How to Sound Like a Leader

There are many things to consider if you want to have an impact when you speak as a leader. Not to suggest that you will need to learn an entirely new way of speaking, but there might be some opportunities to improve how you sound to ensure that what you say supports your image and has the impact that you are looking for.

Everyone changes their sound based on their environment and what they set out to achieve. Maybe you have a "phone voice" you use when you answer the phone. Regardless of the chaos that might be going on around you, when you pick up the phone and say, "Good morning," the caller hears that calm professionalism you want to greet them with.

In contrast, we all have that voice we use when with our friends, on the street, or at the market. In some cases, you may have grown up with an entirely different vocabulary using forms of slang or other "street language." In business, however, you want to be clearly understood and respected by a diverse audience. So, as leaders, we apply a veneer or polish to our language. When it comes to how you sound, you'll need to decide what's important to you and the image you want to project.

When it comes to how a leader sounds, it’s all about controlling their voices to capture their listeners' attention. Here are a few areas to pay attention to when it comes to your sound and how you come across as a leader.


The way you distinguish or inflect your words creates an expression of emotion that tells your audience how you are feeling about the words you are saying. Good intonation lets others see your attitude and your enthusiasm of the subject and demonstrates the consistency in your words and actions.


Pitch refers to how high or low your voice is. In most cases, a lower-pitched voice is considered more of an asset. Both men and women who have lower voices are considered more credible, more sociable, and more relaxed. They are also generally easier to hear. If you have a higher-pitched voice, consider how you can best deliver your message by focusing on adjusting your tone in a way that supports your message.


Whether you are speaking too slowly or too quickly, your pace significantly impacts your ability to communicate. If people cannot keep up with what you are saying, you'll need to slow down. Speak too slowly, however, and your credibility can suffer. While part of this is about knowing our audience, the other part is about how you want to come across. Do you want to be seen as slow and methodical, calculated even? Slowing your speech might help get that image across. On the other hand, if you want to create energy around your message to get folks excited, picking up the pace might be the way to drive that energy up. When speaking, considering your pace will help you captivate your audience and drive the point you're looking to communicate.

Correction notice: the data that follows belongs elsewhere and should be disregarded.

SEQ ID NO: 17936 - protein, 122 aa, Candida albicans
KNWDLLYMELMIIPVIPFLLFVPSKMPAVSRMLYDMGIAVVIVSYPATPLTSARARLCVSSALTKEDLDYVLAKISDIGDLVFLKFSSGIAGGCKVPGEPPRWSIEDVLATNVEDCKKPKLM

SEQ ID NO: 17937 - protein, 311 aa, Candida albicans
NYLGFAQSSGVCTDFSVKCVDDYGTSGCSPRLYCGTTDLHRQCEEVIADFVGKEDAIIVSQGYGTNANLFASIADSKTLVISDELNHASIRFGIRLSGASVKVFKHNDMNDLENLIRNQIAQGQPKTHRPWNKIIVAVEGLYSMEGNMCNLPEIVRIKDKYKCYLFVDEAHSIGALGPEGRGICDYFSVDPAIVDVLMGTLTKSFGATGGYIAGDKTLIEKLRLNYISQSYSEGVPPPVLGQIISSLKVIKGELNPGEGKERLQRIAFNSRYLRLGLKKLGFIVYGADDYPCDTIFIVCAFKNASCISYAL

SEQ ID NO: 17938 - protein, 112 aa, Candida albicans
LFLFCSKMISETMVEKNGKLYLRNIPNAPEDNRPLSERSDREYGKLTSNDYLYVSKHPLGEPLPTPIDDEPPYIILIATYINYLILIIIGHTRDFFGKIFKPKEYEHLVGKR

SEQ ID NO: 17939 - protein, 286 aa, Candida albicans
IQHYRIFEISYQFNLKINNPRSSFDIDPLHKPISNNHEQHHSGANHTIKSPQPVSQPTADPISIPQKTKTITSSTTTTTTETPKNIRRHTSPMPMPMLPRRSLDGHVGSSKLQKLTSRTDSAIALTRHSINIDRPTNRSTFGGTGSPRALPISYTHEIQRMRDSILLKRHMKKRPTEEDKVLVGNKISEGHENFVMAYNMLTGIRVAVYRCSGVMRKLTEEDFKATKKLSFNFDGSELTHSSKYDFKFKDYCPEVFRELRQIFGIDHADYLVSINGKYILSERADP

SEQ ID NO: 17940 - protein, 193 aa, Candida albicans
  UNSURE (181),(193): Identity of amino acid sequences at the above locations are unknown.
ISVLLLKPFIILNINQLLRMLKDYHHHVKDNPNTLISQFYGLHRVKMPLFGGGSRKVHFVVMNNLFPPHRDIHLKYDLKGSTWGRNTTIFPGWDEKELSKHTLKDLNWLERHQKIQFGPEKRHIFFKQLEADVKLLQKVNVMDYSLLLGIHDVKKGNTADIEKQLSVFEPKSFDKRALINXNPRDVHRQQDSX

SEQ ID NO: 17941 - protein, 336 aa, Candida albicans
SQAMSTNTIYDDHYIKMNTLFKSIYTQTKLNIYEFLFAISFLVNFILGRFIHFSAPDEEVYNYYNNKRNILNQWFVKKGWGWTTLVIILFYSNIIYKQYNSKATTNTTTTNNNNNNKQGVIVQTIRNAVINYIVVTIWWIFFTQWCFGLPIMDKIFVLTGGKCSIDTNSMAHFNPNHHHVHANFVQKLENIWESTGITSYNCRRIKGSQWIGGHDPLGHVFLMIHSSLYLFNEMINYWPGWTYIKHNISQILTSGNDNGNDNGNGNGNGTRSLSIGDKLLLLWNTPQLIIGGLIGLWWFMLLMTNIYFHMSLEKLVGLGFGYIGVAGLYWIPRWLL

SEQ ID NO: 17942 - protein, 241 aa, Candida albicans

Emphasis can change the meaning of our words. Making sure you place emphasis in the right places can clarify messages without changing what you are saying. For example:

o I was born in New York. (You, on the other hand, were born somewhere else.)

o I was born in New York! (How dare you suggest otherwise!)

o I was born in New York. (I wasn't born nearby.)

o I was born in New York. (I wasn't born in Boston or Dallas, or Los Angelas.)

Facial Expressions

When discussing how to sound like a leader, your facial expressions are part of that sound, they often speak louder than words. Positive expressions include smiling, eye contact, relaxed facial muscles, and an alert expression. Negative expressions include rolling your eyes, frowning, glaring, smirking, or looking tense. Sometimes we say things with our expressions without even knowing it. If you tend to be animated, try videotaping yourself while speaking and practice controlling your expressions to convey your message rather than what you might be feeling.